Emahoy Tsegué-Maryam Guèbrou
I came across this remarkable pianist in a list of must-listen jazz recordings. The first girl to be sent abroad from Ethiopia for her education (among other firsts for women there,) she returned only to become a prisoner of war in the ’30s and afterwards proceeded to hide her musical light under a bushel for several decades. Guèbrou’s compositions, only recently recorded, are somewhere between blues and Chopin, unique and strange but virtuosic and incredibly compelling.
OK OK, nerd alert. This free to play game draws a lot of fire for its gambling mechanics and anime waifus and husbandos. But I’ve passed many a very pleasant hour just rambling around its enormous map, collecting treasure, solving puzzles, and fighting monsters… because those things are fun and games are supposed to be fun. It’s been a real balm during stressful times.
I turn 33 next year. I actually forgot how old I was yesterday. My spouse noted that we were 31 during a conversation, but I am 32. Her birthday is 5 months after mine, which means for half the year she gets to call me old. But I forgot that I was 32. I just nodded, yes, we are 31. Anyway, naps. Naps are good for my aging body as I wake up, pour coffee into my ears, and slump to the desk. This means that my spine has become an ampersand, and my brain overcooked noodle mash. I combat both issues by taking 20 minute naps at times. This clears my head, and unfogs my eyes. Don’t tell TechCrunch though.
Grand Strategy Video Games
One of the best parts of being married is that being Not Cool loses some of its sting. I can now lean fully into the more dweeby elements of my personality and not worry about it.
Enter Grand Strategy Games. Imagine a game that is insanely complex, while also being unpredictable, frustrating, and slow-moving. Sound good? Hell yeah it sounds good. I have spent more time playing Crusader Kings III in the last year than I want to admit. If we throw in a few other titles it’s even more embarrassing.
But don’t worry, I’ve got a lot back from the effort. For example, I once conquered all the Christian holy sites of the Old World, created a new Christian faith that was female-dominated instead of male-led, and then converted the world en masse to a gender-flipped history of religion. More often I get murdered by rude subjects, but hey.
Playing complex video games, however, can be tiring. So you have to keep your energy up. Enter sugar. Namely condensed, artificially-flavored sugar in the form of Airheads. Anyway, I’m off to floss again.
Nothing has been quite as effective at removing me from my COVID slump – figuratively and literally – as yoga. It was nothing short of a savior even on days when the news cycle and the day-to-day drag of the pandemic threatened to push me over the edge.
Lofi Air Traffic Control
What happens when you combine communication from air traffic controllers and lo-fi tunes? The most weirdly calming music stream ever. Hardware editor Brian Heater turned me onto this and at first I laughed. But really, it’s great. You can even pick what airport to hear chat from and if you go to the settings you can determine the balance of music to communication.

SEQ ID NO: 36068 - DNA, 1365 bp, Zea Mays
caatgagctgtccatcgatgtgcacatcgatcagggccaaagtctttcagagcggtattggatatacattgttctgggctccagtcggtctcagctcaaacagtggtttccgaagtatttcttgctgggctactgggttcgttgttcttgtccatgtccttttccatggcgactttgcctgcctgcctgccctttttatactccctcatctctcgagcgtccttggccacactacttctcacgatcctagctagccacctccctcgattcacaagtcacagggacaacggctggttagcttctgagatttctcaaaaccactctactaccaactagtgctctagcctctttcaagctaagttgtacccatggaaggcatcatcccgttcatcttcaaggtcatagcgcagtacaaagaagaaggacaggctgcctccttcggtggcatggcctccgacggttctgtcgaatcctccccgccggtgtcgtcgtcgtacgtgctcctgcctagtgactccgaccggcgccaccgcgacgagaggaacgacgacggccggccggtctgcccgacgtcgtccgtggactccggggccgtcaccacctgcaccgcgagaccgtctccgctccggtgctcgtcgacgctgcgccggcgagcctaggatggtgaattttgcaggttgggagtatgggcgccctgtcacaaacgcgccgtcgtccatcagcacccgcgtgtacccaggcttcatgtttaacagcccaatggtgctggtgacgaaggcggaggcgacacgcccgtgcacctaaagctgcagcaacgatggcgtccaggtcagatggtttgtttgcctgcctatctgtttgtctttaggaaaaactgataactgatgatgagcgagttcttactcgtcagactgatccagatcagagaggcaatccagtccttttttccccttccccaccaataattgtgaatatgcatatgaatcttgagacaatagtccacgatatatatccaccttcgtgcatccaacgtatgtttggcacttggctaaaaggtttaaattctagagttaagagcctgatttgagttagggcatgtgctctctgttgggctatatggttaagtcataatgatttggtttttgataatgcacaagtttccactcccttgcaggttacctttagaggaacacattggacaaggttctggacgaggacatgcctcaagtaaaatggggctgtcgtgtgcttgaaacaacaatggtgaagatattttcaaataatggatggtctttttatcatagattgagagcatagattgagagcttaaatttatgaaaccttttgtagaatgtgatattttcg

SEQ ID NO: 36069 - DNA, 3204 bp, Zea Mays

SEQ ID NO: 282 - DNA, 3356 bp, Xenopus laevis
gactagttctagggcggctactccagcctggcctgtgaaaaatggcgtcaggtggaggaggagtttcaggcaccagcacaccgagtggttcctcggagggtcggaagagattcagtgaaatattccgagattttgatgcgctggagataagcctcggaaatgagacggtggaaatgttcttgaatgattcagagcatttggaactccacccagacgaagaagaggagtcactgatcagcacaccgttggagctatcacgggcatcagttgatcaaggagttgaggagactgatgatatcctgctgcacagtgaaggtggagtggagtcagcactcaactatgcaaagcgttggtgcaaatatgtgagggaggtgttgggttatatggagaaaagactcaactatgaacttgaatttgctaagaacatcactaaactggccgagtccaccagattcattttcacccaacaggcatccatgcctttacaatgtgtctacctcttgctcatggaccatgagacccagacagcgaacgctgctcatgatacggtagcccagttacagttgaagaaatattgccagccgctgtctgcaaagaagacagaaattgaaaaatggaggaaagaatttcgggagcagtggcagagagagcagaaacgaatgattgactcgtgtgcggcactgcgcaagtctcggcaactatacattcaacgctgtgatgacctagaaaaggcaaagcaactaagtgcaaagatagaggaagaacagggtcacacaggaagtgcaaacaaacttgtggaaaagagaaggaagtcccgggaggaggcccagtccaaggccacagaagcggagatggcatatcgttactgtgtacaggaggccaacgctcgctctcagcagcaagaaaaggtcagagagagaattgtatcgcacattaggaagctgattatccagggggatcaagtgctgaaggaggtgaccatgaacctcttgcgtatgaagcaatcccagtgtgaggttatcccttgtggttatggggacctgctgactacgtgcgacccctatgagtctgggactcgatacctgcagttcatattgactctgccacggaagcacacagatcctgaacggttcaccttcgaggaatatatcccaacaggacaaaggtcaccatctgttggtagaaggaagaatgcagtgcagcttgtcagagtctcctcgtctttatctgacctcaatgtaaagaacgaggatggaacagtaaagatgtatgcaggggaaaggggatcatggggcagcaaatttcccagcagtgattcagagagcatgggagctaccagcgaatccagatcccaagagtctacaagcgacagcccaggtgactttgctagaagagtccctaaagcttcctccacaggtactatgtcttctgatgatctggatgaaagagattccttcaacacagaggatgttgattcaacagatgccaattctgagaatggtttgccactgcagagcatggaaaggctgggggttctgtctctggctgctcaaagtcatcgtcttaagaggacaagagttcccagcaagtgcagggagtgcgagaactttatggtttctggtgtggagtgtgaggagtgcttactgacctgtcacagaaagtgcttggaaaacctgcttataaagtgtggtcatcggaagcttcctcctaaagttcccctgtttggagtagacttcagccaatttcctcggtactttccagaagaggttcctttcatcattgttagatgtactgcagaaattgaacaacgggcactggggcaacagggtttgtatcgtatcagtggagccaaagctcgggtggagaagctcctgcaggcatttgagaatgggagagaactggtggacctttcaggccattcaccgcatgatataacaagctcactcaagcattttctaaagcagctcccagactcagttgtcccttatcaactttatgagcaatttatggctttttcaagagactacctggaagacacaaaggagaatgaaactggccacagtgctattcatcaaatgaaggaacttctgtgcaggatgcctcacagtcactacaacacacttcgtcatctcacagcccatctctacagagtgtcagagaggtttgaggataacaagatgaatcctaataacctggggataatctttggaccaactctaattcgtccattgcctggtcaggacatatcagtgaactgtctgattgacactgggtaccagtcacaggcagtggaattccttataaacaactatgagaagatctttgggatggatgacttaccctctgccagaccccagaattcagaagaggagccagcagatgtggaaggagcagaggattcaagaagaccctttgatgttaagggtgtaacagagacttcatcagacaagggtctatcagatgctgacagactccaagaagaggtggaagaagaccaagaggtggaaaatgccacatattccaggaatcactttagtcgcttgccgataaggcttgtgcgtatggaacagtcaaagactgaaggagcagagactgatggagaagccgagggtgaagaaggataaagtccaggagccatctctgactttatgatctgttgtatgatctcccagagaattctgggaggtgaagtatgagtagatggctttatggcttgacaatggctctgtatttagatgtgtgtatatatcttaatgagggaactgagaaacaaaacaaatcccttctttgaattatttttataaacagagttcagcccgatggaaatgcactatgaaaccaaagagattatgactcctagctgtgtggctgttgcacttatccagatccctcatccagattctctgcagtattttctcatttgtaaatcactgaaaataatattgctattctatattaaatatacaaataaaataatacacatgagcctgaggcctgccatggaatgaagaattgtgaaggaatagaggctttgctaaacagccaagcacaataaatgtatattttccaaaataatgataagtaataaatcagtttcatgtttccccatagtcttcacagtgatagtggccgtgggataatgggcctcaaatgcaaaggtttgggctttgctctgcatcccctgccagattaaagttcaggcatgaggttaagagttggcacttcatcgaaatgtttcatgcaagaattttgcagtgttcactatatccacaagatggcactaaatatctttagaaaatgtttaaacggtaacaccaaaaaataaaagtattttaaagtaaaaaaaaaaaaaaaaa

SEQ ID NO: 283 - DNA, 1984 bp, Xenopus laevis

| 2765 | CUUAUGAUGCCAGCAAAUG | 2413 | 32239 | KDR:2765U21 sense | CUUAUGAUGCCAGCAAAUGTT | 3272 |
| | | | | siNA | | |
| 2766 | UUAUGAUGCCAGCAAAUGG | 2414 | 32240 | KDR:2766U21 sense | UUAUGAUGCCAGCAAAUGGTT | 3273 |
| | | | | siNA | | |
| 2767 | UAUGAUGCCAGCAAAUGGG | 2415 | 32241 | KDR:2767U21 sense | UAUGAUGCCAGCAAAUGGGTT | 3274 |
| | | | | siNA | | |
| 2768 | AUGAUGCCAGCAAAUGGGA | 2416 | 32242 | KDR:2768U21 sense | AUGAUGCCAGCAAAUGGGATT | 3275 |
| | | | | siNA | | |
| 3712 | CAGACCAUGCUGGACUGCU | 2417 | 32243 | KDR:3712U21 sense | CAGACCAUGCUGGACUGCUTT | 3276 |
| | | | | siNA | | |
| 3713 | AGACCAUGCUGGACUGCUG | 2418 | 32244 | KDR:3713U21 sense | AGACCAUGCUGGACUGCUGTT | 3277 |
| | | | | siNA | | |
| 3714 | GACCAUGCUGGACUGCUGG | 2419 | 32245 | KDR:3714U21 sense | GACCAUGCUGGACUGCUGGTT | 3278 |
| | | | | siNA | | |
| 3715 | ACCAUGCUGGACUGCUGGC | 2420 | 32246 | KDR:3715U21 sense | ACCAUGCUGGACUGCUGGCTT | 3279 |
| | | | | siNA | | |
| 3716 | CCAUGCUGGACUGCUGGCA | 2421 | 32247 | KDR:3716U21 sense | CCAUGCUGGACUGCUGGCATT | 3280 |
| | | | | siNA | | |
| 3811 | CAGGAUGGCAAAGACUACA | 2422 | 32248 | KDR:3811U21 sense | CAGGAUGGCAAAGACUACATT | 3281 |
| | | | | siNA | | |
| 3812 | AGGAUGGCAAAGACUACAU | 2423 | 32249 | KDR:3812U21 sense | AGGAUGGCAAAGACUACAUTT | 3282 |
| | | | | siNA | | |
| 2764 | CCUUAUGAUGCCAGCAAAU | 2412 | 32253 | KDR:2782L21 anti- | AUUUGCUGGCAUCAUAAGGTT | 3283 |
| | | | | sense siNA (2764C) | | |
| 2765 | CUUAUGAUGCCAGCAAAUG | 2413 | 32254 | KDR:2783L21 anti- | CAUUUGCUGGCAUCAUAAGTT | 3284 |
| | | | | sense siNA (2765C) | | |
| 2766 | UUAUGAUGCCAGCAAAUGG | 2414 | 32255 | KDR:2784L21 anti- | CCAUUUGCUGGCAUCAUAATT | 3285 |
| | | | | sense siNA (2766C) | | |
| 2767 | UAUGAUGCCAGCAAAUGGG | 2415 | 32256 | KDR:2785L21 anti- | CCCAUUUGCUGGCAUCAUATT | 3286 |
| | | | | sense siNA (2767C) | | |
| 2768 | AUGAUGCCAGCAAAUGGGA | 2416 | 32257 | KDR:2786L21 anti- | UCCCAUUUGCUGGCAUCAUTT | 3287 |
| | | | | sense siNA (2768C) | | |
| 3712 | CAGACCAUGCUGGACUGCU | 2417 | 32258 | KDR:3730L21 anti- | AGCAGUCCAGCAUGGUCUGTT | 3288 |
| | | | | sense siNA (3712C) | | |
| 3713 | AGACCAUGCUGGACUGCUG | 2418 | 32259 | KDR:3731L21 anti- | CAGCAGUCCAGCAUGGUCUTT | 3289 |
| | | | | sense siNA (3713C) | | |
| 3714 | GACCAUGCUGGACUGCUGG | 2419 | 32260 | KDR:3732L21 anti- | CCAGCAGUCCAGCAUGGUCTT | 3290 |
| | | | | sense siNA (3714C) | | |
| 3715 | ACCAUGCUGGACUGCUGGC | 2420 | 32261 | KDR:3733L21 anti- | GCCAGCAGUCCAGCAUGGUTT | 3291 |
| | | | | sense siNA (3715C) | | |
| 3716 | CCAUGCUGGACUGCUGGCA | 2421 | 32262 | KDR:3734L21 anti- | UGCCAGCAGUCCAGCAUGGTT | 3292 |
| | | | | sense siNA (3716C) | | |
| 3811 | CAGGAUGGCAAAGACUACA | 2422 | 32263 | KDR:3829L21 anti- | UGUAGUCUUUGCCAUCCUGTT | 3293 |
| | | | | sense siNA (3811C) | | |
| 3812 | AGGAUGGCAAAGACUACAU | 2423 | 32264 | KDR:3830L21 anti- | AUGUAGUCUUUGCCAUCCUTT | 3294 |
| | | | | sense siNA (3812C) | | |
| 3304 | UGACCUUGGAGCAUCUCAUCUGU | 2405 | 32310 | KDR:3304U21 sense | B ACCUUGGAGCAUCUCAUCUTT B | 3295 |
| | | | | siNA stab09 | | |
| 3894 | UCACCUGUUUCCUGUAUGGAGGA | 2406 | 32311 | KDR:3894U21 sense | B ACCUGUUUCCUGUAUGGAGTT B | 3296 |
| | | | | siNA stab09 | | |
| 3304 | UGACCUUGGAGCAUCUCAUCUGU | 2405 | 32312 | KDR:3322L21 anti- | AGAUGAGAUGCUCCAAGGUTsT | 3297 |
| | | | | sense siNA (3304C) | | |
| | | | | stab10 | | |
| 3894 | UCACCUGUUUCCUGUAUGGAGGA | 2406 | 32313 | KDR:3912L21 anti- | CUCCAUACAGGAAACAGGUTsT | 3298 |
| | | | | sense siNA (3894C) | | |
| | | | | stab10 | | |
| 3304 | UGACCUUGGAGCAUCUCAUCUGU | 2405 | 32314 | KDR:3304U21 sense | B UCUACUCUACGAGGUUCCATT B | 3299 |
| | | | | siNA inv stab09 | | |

Community Supported Agriculture
I spend a lot of time in front of a computer and not enough in the garden. Luckily, I support my local CSA, which means every week I am able to pick up fresh, seasonal veggies and even some fruit from local farmers. We took a break on the CSA for a bit, but I’m glad we’re back, even on the weeks that are heavy on turnips.
Back in journalism school, I once wrote an article called ‘This is your brain on music’ that explained how music stimulates the reward centers in our brains which can help us focus. For a long time I was a regular on YouTube channels for lo-fi tunes, but then I found Brain.fm, which plays specially designed LYRIC-LESS music to help you focus, or relax or meditate. The company holds patents on its tech that is meant to elicit strong neural phase locking, which they say allows “populations of neurons to engage in various kinds of coordinated activity.”
Whether it’s placebo or real science, all I know is that I don’t truly start writing until I have my headphones on and this beautiful, human/AI-generated music playing in my brain.
I recently moved to Auckland, New Zealand, into a house that had some semblance of a garden. It was a mess, but it was also clear that someone, at some point, loved this garden.
Beneath the overgrown weeds, I found patches of parsley, arugula, fennel. Over the last several months, I’ve cleared away the weeds and set to work giving the beds some love with fresh compost that my house collects. There is something so energizing and calming about getting your hands in the dirt everyday, even if it’s just to pull some weeds out of the ground.
As a famous cartoon aardvark once said, having fun isn’t hard when you’ve got a library card. But Libby makes it even easier.
Libby, owned by Overdrive, is a phone app that lets you borrow ebooks and audiobooks from your local library on the go. It’s completely free. The quality of your Libby experience probably depends on how good a catalog your local library has — but even if it only has a few of the books on your wishlist, you’re still saving some cash. For times when the library’s catalog lets me down, I pay for a subscription to Libro.fm, an Audible competitor that supports independent bookstores rather than Jeff Bezos. Sometimes, believe it or not, I even buy physical books. But I love libraries, I love the Libby app, and I love audiobooks.